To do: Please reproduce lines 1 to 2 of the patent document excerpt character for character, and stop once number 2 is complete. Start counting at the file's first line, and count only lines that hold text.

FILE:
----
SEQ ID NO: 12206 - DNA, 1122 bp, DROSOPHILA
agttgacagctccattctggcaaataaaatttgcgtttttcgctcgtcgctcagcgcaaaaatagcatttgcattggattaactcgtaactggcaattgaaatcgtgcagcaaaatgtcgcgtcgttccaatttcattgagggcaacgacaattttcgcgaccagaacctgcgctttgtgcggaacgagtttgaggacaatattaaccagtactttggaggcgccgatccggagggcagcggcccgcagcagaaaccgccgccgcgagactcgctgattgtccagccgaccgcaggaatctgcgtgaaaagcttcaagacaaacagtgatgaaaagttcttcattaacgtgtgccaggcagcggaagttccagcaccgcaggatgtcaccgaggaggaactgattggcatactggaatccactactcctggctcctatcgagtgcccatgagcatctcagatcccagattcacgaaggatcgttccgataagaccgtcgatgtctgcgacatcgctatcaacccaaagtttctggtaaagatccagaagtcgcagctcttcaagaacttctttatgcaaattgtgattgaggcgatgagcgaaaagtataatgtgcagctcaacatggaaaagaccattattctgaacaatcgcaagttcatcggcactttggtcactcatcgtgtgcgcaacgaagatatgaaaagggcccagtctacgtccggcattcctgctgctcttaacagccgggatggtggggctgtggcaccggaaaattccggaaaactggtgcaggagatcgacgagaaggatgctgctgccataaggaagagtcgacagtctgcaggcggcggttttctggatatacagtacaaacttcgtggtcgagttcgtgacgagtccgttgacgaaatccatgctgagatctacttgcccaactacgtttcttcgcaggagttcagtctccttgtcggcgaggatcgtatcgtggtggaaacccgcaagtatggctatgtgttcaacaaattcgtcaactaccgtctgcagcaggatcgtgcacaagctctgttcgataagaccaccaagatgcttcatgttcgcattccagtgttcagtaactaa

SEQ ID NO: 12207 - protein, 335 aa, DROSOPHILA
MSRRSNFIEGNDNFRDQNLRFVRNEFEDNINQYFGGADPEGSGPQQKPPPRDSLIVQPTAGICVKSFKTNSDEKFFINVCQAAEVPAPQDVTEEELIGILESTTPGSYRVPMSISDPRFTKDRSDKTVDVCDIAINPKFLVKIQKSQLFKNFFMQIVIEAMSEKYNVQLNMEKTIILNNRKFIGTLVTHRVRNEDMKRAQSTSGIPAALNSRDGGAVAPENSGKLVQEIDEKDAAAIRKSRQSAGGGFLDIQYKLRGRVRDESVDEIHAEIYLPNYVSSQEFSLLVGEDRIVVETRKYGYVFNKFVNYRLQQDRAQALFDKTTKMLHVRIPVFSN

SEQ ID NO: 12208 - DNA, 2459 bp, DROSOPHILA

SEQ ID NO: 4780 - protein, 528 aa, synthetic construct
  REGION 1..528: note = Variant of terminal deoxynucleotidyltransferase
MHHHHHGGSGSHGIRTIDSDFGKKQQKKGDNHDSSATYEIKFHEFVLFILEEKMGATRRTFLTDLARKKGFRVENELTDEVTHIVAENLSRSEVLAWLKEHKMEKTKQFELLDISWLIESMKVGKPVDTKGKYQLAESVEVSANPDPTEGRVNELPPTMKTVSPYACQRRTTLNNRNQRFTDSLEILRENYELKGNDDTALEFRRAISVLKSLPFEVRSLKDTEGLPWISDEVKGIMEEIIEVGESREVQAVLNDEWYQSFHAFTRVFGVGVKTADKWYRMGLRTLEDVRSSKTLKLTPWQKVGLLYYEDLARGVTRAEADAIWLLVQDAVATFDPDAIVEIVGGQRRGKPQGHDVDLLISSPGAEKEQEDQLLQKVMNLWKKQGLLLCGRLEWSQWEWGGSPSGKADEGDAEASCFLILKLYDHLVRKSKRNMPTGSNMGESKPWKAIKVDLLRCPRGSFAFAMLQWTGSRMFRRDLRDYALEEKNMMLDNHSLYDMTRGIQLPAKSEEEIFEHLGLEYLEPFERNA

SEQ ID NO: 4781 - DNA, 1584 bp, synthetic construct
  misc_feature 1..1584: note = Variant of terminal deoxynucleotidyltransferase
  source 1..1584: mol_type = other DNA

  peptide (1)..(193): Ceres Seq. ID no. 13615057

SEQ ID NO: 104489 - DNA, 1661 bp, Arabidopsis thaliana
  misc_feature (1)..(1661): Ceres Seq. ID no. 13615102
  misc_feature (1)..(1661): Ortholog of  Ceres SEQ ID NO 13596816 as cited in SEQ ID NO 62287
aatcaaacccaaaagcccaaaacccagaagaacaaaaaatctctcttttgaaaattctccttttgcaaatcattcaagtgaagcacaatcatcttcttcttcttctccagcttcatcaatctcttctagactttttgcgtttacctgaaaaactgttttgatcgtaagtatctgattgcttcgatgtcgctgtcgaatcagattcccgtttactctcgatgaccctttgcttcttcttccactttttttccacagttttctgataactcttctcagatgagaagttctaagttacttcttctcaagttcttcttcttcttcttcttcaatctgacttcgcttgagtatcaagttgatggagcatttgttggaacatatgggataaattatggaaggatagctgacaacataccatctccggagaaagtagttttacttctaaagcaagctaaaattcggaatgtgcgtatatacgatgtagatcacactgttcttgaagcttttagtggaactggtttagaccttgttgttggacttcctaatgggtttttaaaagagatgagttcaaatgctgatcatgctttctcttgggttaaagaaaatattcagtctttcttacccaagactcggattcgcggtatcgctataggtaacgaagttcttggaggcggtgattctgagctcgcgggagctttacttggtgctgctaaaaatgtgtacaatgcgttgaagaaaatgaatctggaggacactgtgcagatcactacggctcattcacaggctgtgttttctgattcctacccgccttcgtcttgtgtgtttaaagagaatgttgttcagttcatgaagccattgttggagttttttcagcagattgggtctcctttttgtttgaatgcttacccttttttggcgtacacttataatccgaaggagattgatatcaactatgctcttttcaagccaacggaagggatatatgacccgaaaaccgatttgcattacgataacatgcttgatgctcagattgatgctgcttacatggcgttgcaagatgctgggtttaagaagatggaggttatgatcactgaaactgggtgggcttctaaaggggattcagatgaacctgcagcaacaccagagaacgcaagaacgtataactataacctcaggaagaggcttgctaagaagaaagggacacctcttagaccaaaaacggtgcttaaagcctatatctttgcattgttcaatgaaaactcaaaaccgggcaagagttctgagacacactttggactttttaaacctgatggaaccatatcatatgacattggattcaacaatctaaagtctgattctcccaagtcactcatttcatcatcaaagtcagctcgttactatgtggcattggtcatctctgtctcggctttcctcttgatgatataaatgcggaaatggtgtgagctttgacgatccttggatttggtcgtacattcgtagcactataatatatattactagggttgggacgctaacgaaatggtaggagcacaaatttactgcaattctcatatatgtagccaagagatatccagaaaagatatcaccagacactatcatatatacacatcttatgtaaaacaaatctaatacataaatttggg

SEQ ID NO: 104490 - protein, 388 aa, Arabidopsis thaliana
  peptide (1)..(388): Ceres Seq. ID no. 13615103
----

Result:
SEQ ID NO: 12206 - DNA, 1122 bp, DROSOPHILA
agttgacagctccattctggcaaataaaatttgcgtttttcgctcgtcgctcagcgcaaaaatagcatttgcattggattaactcgtaactggcaattgaaatcgtgcagcaaaatgtcgcgtcgttccaatttcattgagggcaacgacaattttcgcgaccagaacctgcgctttgtgcggaacgagtttgaggacaatattaaccagtactttggaggcgccgatccggagggcagcggcccgcagcagaaaccgccgccgcgagactcgctgattgtccagccgaccgcaggaatctgcgtgaaaagcttcaagacaaacagtgatgaaaagttcttcattaacgtgtgccaggcagcggaagttccagcaccgcaggatgtcaccgaggaggaactgattggcatactggaatccactactcctggctcctatcgagtgcccatgagcatctcagatcccagattcacgaaggatcgttccgataagaccgtcgatgtctgcgacatcgctatcaacccaaagtttctggtaaagatccagaagtcgcagctcttcaagaacttctttatgcaaattgtgattgaggcgatgagcgaaaagtataatgtgcagctcaacatggaaaagaccattattctgaacaatcgcaagttcatcggcactttggtcactcatcgtgtgcgcaacgaagatatgaaaagggcccagtctacgtccggcattcctgctgctcttaacagccgggatggtggggctgtggcaccggaaaattccggaaaactggtgcaggagatcgacgagaaggatgctgctgccataaggaagagtcgacagtctgcaggcggcggttttctggatatacagtacaaacttcgtggtcgagttcgtgacgagtccgttgacgaaatccatgctgagatctacttgcccaactacgtttcttcgcaggagttcagtctccttgtcggcgaggatcgtatcgtggtggaaacccgcaagtatggctatgtgttcaacaaattcgtcaactaccgtctgcagcaggatcgtgcacaagctctgttcgataagaccaccaagatgcttcatgttcgcattccagtgttcagtaactaa